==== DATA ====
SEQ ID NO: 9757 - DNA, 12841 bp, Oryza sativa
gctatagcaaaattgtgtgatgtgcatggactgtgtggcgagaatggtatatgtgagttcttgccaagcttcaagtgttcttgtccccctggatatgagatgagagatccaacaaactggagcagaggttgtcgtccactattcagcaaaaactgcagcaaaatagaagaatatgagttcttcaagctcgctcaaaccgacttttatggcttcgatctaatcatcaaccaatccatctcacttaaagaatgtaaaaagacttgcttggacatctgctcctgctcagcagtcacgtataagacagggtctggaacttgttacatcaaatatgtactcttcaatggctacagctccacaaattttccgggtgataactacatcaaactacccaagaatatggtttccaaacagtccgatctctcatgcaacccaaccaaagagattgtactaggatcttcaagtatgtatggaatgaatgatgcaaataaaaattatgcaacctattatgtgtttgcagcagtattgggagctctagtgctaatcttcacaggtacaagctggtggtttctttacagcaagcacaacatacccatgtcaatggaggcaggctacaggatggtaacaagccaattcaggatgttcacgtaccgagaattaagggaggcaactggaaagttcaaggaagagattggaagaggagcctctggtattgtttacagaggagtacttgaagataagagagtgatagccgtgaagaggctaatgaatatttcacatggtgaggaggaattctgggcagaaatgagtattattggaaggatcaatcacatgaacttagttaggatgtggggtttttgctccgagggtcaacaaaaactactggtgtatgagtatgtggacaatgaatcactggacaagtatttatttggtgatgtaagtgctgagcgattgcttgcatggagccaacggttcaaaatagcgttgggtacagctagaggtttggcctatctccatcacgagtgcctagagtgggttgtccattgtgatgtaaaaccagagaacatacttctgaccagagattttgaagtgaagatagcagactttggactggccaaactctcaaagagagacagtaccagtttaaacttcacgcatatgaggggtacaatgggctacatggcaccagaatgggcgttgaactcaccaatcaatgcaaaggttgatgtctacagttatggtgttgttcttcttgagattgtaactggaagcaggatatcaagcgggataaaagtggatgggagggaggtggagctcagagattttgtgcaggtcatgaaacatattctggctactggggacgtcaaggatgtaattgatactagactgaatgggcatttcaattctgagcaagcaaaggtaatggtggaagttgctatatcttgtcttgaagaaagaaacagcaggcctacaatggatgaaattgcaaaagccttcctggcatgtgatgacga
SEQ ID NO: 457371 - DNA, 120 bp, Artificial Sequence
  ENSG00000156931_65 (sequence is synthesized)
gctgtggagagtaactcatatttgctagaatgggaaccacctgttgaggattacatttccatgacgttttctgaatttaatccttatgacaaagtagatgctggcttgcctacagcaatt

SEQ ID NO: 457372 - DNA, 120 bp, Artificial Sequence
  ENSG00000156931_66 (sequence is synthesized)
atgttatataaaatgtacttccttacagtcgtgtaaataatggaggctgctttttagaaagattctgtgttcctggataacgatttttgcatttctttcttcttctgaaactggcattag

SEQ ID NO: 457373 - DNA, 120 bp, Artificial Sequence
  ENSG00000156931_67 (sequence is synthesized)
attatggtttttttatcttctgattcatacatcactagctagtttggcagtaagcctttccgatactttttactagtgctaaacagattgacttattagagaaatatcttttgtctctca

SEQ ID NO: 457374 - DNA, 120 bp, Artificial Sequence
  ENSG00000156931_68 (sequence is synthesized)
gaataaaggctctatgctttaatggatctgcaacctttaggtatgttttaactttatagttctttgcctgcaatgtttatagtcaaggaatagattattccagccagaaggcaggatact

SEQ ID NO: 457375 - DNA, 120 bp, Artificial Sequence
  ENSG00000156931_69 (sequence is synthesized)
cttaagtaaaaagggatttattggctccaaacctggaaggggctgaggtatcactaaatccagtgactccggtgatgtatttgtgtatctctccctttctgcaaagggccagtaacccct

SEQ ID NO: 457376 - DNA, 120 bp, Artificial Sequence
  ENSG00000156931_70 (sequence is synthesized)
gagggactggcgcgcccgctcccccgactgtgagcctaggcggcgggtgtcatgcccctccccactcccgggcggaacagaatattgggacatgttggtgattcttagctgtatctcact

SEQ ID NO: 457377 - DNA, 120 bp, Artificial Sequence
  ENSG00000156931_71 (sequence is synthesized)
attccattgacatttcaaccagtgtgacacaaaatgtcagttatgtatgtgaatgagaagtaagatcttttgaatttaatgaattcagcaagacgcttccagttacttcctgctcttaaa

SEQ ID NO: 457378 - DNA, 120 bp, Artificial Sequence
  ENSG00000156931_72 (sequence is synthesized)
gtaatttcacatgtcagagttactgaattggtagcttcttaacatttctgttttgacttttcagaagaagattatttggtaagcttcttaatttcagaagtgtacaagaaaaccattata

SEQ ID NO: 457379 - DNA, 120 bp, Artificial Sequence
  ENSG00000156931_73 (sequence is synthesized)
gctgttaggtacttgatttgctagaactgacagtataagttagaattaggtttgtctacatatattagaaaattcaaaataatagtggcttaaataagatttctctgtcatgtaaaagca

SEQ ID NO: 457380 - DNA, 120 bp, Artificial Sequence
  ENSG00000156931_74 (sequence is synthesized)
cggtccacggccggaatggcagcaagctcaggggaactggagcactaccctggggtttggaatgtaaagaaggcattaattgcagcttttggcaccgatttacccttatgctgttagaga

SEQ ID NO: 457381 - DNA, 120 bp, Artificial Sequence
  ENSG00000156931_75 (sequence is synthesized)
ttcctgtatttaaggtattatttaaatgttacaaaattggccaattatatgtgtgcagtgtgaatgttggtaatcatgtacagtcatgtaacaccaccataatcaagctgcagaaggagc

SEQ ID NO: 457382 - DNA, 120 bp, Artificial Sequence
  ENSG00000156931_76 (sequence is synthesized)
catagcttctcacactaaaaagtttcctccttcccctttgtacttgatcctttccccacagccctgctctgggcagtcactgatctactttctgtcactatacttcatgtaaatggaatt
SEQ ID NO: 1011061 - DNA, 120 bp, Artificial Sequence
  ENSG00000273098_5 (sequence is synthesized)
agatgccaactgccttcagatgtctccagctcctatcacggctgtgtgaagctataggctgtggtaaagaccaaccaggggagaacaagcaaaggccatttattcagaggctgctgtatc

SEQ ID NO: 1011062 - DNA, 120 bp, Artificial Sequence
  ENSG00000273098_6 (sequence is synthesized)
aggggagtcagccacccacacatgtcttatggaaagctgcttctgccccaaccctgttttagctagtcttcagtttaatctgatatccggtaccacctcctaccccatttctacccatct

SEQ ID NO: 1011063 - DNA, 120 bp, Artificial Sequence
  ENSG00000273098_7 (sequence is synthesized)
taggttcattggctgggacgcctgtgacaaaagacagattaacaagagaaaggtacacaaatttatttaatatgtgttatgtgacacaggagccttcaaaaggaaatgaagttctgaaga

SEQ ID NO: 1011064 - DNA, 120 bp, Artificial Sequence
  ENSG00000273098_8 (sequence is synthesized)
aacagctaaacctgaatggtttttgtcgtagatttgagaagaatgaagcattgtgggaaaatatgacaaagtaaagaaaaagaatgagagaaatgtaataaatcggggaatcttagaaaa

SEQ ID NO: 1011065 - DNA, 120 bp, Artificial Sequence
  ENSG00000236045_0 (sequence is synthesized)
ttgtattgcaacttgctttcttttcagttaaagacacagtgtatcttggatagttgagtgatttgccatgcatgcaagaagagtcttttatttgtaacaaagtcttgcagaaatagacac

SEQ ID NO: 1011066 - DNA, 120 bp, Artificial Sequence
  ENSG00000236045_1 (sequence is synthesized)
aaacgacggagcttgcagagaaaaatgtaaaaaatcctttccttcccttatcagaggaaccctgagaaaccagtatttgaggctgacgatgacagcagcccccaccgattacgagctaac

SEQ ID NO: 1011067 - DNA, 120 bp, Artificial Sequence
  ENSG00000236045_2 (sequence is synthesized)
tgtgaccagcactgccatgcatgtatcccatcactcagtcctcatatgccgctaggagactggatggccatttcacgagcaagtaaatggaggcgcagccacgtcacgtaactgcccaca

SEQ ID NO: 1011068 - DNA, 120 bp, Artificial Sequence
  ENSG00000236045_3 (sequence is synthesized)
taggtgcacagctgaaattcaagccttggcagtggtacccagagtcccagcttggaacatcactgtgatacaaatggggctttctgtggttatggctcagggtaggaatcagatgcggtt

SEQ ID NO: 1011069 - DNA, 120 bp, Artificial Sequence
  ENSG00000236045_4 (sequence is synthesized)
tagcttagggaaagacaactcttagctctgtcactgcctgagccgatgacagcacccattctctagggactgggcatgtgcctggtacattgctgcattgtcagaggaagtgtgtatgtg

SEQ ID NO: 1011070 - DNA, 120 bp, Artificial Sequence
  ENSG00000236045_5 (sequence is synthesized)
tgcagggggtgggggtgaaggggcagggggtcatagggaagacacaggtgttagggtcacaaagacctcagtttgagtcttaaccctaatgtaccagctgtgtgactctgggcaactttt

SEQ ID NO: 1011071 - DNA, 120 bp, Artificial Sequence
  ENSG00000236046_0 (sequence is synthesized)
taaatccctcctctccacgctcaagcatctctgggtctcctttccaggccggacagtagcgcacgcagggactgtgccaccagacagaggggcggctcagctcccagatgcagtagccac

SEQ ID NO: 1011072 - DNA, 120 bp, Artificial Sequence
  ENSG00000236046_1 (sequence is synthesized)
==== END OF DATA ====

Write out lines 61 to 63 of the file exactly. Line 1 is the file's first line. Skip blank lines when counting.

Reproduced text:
  ENSG00000236045_3 (sequence is synthesized)
taggtgcacagctgaaattcaagccttggcagtggtacccagagtcccagcttggaacatcactgtgatacaaatggggctttctgtggttatggctcagggtaggaatcagatgcggtt

SEQ ID NO: 1011069 - DNA, 120 bp, Artificial Sequence